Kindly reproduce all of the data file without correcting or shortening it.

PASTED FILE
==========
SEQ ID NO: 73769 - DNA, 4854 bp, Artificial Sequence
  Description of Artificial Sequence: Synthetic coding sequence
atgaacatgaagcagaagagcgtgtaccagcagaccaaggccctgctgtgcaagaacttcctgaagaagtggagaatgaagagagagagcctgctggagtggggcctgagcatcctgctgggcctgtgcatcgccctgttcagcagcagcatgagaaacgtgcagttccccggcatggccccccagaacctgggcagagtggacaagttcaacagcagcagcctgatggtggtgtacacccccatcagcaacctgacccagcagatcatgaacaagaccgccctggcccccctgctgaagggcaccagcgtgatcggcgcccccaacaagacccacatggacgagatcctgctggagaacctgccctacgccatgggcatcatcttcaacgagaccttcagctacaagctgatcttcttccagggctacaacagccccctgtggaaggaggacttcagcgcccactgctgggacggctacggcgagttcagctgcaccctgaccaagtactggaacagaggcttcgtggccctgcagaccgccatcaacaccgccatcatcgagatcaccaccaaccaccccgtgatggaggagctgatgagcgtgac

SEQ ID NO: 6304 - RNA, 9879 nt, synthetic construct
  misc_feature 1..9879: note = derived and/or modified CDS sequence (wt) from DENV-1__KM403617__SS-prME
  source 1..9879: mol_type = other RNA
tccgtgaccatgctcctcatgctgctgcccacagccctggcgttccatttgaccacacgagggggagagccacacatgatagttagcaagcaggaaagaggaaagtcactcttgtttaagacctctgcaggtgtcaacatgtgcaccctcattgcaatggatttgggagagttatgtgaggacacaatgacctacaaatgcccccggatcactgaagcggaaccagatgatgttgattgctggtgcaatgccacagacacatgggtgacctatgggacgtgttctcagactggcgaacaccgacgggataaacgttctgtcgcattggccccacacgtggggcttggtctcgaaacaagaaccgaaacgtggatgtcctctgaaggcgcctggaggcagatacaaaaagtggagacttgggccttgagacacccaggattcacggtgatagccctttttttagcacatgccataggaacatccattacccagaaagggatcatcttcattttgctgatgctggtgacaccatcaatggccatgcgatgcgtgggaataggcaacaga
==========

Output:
SEQ ID NO: 73769 - DNA, 4854 bp, Artificial Sequence
  Description of Artificial Sequence: Synthetic coding sequence
atgaacatgaagcagaagagcgtgtaccagcagaccaaggccctgctgtgcaagaacttcctgaagaagtggagaatgaagagagagagcctgctggagtggggcctgagcatcctgctgggcctgtgcatcgccctgttcagcagcagcatgagaaacgtgcagttccccggcatggccccccagaacctgggcagagtggacaagttcaacagcagcagcctgatggtggtgtacacccccatcagcaacctgacccagcagatcatgaacaagaccgccctggcccccctgctgaagggcaccagcgtgatcggcgcccccaacaagacccacatggacgagatcctgctggagaacctgccctacgccatgggcatcatcttcaacgagaccttcagctacaagctgatcttcttccagggctacaacagccccctgtggaaggaggacttcagcgcccactgctgggacggctacggcgagttcagctgcaccctgaccaagtactggaacagaggcttcgtggccctgcagaccgccatcaacaccgccatcatcgagatcaccaccaaccaccccgtgatggaggagctgatgagcgtgac

SEQ ID NO: 6304 - RNA, 9879 nt, synthetic construct
  misc_feature 1..9879: note = derived and/or modified CDS sequence (wt) from DENV-1__KM403617__SS-prME
  source 1..9879: mol_type = other RNA
tccgtgaccatgctcctcatgctgctgcccacagccctggcgttccatttgaccacacgagggggagagccacacatgatagttagcaagcaggaaagaggaaagtcactcttgtttaagacctctgcaggtgtcaacatgtgcaccctcattgcaatggatttgggagagttatgtgaggacacaatgacctacaaatgcccccggatcactgaagcggaaccagatgatgttgattgctggtgcaatgccacagacacatgggtgacctatgggacgtgttctcagactggcgaacaccgacgggataaacgttctgtcgcattggccccacacgtggggcttggtctcgaaacaagaaccgaaacgtggatgtcctctgaaggcgcctggaggcagatacaaaaagtggagacttgggccttgagacacccaggattcacggtgatagccctttttttagcacatgccataggaacatccattacccagaaagggatcatcttcattttgctgatgctggtgacaccatcaatggccatgcgatgcgtgggaataggcaacaga